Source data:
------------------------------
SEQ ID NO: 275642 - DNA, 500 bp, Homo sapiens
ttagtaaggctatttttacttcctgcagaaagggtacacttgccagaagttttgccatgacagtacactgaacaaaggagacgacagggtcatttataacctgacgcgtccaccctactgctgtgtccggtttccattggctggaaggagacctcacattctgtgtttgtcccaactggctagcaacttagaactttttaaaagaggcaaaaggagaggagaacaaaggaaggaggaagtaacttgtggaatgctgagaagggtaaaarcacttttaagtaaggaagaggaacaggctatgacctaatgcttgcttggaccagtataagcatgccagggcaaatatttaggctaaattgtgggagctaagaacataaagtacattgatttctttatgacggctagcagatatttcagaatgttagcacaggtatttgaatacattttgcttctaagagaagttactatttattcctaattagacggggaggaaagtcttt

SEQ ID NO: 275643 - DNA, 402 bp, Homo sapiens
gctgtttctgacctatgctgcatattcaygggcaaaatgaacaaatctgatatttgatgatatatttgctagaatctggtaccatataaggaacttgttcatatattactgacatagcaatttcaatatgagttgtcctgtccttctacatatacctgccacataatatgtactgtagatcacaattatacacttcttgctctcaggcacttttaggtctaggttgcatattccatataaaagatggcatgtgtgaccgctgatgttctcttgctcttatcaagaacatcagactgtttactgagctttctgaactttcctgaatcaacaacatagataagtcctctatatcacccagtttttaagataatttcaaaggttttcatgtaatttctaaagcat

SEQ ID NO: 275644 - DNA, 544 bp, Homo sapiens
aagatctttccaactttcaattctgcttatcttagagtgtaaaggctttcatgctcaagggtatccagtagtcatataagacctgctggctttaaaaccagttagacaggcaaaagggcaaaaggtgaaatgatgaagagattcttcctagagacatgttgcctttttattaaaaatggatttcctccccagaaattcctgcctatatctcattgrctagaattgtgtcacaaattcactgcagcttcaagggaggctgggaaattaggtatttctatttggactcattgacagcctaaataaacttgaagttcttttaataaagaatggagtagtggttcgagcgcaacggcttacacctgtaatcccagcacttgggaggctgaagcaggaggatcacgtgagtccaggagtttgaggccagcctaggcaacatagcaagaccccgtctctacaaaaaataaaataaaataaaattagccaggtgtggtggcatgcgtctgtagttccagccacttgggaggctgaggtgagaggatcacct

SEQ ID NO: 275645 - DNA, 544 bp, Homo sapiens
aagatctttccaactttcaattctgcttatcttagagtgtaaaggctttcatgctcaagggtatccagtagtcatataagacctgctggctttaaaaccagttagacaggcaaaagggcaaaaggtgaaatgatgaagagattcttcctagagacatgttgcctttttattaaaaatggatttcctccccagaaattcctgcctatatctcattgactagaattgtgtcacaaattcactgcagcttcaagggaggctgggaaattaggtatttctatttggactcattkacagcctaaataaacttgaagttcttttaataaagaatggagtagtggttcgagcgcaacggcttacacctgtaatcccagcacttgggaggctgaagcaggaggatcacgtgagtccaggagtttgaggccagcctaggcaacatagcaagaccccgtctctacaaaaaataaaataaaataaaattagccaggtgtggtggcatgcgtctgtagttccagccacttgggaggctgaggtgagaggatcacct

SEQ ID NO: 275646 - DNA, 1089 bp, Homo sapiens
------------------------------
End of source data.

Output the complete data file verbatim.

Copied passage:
SEQ ID NO: 275642 - DNA, 500 bp, Homo sapiens
ttagtaaggctatttttacttcctgcagaaagggtacacttgccagaagttttgccatgacagtacactgaacaaaggagacgacagggtcatttataacctgacgcgtccaccctactgctgtgtccggtttccattggctggaaggagacctcacattctgtgtttgtcccaactggctagcaacttagaactttttaaaagaggcaaaaggagaggagaacaaaggaaggaggaagtaacttgtggaatgctgagaagggtaaaarcacttttaagtaaggaagaggaacaggctatgacctaatgcttgcttggaccagtataagcatgccagggcaaatatttaggctaaattgtgggagctaagaacataaagtacattgatttctttatgacggctagcagatatttcagaatgttagcacaggtatttgaatacattttgcttctaagagaagttactatttattcctaattagacggggaggaaagtcttt

SEQ ID NO: 275643 - DNA, 402 bp, Homo sapiens
gctgtttctgacctatgctgcatattcaygggcaaaatgaacaaatctgatatttgatgatatatttgctagaatctggtaccatataaggaacttgttcatatattactgacatagcaatttcaatatgagttgtcctgtccttctacatatacctgccacataatatgtactgtagatcacaattatacacttcttgctctcaggcacttttaggtctaggttgcatattccatataaaagatggcatgtgtgaccgctgatgttctcttgctcttatcaagaacatcagactgtttactgagctttctgaactttcctgaatcaacaacatagataagtcctctatatcacccagtttttaagataatttcaaaggttttcatgtaatttctaaagcat

SEQ ID NO: 275644 - DNA, 544 bp, Homo sapiens
aagatctttccaactttcaattctgcttatcttagagtgtaaaggctttcatgctcaagggtatccagtagtcatataagacctgctggctttaaaaccagttagacaggcaaaagggcaaaaggtgaaatgatgaagagattcttcctagagacatgttgcctttttattaaaaatggatttcctccccagaaattcctgcctatatctcattgrctagaattgtgtcacaaattcactgcagcttcaagggaggctgggaaattaggtatttctatttggactcattgacagcctaaataaacttgaagttcttttaataaagaatggagtagtggttcgagcgcaacggcttacacctgtaatcccagcacttgggaggctgaagcaggaggatcacgtgagtccaggagtttgaggccagcctaggcaacatagcaagaccccgtctctacaaaaaataaaataaaataaaattagccaggtgtggtggcatgcgtctgtagttccagccacttgggaggctgaggtgagaggatcacct

SEQ ID NO: 275645 - DNA, 544 bp, Homo sapiens
aagatctttccaactttcaattctgcttatcttagagtgtaaaggctttcatgctcaagggtatccagtagtcatataagacctgctggctttaaaaccagttagacaggcaaaagggcaaaaggtgaaatgatgaagagattcttcctagagacatgttgcctttttattaaaaatggatttcctccccagaaattcctgcctatatctcattgactagaattgtgtcacaaattcactgcagcttcaagggaggctgggaaattaggtatttctatttggactcattkacagcctaaataaacttgaagttcttttaataaagaatggagtagtggttcgagcgcaacggcttacacctgtaatcccagcacttgggaggctgaagcaggaggatcacgtgagtccaggagtttgaggccagcctaggcaacatagcaagaccccgtctctacaaaaaataaaataaaataaaattagccaggtgtggtggcatgcgtctgtagttccagccacttgggaggctgaggtgagaggatcacct

SEQ ID NO: 275646 - DNA, 1089 bp, Homo sapiens